Thursday, July 2, 2012, 8:00 am Pacific, 8:00 am Mountain, 10:00 am Central, 11:00 am EST, 12:00 pm Atlantic, 5:00 pm Zurich, 6:00 pm Istanbul, Dubai 8:00 pm
Letting Go of Harvard to Make Room for Something New
As career counselors and other helping professionals, we pride ourselves in understanding, promoting, and even provoking change in our clients. So what happens when we are the cient? Hear about how Gail learned to practice what she had been preaching for over 25 years - to look at her goals, to align with her values, and to gain work/life balance.
Gail Liebhaber, M.Ed., is a career consultant in the Boston area. Since 1992 she has successfully worked with executives, mid-life professionals, and young adults who face life/work/academic transitions. She guides individuals toward career fulfillment and trains practitioners in transformative practices such as Purposeful Listening. She is available for individual coaching and corporate/non-profit consulting. In addition to her private practice, Gail was the Director of Career Services for the Harvard Graduate School of Design 1997-2002 and the Harvard Divinity School from 2002-2007.
For a look at Gail’s watercolors see her blog:
Activity: Make Room for Something New
- Do something different. Try an activity that you normally would never have had the courage or desire to do. It could be horseback riding, bridge, keeping a journal, or painting. Keep at it for anextended period of time with no judgement on how it might work out, if you will be good at it, or that it will be anything but enjoyable. If you try one thing and it is a bust, keep trying until you find something that gets you out of your comfort zone and into a new dimension of yourself.
- Find a spirit buddy. Choose a friend or family member who has the time to commit to a monthly check in where you take turns telingl each other, without judgement or expectation how your inner life is feeling. End your hour session by choosing an intention for the month that you can report to each other the next session, such as being patient with yourself, having 5 minutes of daily quiet time, or counting to 5 before speaking in an emotionally charged situation.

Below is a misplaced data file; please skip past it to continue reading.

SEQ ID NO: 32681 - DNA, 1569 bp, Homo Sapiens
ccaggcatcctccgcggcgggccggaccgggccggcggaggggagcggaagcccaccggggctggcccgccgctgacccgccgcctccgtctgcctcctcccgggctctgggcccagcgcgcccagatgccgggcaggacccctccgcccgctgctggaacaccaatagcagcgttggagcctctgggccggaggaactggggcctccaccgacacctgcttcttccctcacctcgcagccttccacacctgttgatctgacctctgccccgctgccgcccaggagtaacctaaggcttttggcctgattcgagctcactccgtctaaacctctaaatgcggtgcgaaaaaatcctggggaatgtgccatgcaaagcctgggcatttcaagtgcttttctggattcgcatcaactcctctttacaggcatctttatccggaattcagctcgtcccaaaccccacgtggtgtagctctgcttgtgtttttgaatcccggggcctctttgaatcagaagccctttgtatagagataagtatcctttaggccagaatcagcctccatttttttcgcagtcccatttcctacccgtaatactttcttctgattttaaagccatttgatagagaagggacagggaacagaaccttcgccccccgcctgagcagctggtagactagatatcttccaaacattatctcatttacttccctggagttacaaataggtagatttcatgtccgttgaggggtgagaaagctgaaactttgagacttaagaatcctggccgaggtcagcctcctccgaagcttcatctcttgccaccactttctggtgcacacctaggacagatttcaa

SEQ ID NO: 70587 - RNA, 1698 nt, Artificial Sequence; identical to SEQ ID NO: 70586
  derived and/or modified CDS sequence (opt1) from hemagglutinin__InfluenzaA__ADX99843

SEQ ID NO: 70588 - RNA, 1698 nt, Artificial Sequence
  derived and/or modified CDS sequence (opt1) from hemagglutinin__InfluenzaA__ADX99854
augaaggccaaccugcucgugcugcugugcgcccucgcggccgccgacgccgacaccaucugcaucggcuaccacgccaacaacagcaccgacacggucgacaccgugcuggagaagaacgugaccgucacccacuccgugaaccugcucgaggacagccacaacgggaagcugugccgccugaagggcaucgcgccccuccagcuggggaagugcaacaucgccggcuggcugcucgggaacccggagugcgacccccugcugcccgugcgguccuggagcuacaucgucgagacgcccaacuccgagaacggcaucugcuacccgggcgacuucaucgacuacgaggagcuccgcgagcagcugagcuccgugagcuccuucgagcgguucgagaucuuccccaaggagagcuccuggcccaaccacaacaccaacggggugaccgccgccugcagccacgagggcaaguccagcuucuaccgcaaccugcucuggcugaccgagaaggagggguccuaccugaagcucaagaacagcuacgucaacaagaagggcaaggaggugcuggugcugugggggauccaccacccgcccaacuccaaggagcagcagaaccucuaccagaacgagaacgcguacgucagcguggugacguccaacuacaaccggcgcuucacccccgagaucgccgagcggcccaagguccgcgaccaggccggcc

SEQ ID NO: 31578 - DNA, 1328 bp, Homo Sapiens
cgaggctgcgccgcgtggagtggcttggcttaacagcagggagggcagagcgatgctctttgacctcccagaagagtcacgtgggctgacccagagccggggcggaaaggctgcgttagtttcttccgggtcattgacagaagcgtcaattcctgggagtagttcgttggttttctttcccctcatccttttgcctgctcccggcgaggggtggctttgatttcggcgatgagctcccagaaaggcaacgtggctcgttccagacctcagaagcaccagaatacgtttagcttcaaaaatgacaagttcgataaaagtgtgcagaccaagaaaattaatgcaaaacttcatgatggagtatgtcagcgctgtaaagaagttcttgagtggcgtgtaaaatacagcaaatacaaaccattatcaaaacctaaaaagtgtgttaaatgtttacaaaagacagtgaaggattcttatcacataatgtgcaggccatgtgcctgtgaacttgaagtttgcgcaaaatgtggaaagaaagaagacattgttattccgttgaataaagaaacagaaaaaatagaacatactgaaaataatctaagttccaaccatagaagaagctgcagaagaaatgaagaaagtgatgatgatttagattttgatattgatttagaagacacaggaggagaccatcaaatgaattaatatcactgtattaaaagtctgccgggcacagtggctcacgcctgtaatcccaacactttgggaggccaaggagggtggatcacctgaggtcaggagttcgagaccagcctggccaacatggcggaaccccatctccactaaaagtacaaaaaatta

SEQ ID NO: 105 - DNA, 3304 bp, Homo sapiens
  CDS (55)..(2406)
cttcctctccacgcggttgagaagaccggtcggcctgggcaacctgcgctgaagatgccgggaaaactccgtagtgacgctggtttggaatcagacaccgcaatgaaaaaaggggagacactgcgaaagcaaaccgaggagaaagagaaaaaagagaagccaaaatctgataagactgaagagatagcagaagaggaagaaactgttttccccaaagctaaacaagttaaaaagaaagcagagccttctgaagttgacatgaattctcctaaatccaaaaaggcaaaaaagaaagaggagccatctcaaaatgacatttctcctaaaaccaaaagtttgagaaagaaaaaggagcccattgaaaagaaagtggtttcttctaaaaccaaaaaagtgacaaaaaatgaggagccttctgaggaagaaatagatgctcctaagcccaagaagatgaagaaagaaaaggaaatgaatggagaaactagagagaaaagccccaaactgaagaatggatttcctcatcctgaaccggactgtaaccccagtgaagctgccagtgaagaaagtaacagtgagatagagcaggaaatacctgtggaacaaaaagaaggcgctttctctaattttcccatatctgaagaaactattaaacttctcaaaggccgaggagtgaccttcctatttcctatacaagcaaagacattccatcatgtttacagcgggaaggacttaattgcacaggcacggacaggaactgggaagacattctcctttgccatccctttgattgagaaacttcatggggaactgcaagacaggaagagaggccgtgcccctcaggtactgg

- Start your day by picking a goal for the day. It could be to remember to look at the sky, or to hug a friend or to eat 3 healthy meals. End your day at bedtime by reviewing the events of the day and finding one thing to feel good about.
- Ask yourself what you are looking forward to in the next couple of months or years. Give yourself the gift of choosing to have a goal that will increase your joy in life. Share your thoughts with someone who can be a witness to your desires and remind you of them when you are feeling a little unfocused or beleaguered.
- Adopt a practice, such as walking, running, meditating, yoga, reading poetry, or anything that allows you to clear your mind and give it rest. It doesn't have to be for a long period of time, just enough to let that overworked organ, the brain, have a much-needed rest.
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This is Dr. Sally Gelardin, with Careerwell Tele-Interviews. Our guest today, Gail Liebhaber, is a career consultant in the Boston area. Her clients for the pat 20 years have been executives, mid-life professionals, and young adults who face life/work/academic transitions. Among her specialties is Purposeful Listening, which was the subject of her book. In addition to her private practice, Gail was the Director of Career Services for the Harvard Graduate School of Design 1997-2002 and the Harvard Divinity School from 2002-2007. We're going to talk about today how Gail got to where she is today and what she is doing today that is different from what she was doing for the past 20 years. Welcome Gail!
- How did you first become a career counselor?
- Why did you decide to open a private practice?
- Have you always been a creative person? Did you take art classes or go to art school?
- Can you be both a painter and a career counselor at the same time? When did you first call yourself an artist?
- Why did you leave Harvard? Was it a difficult decision?
- How did you start painting ?
- How does painting influence your work with your clients?
- What has painting brought to your life?
Upcoming September Interview
Fred Mandell, The Coach’s Studio; Where Outrageously Creative Coaching Happens,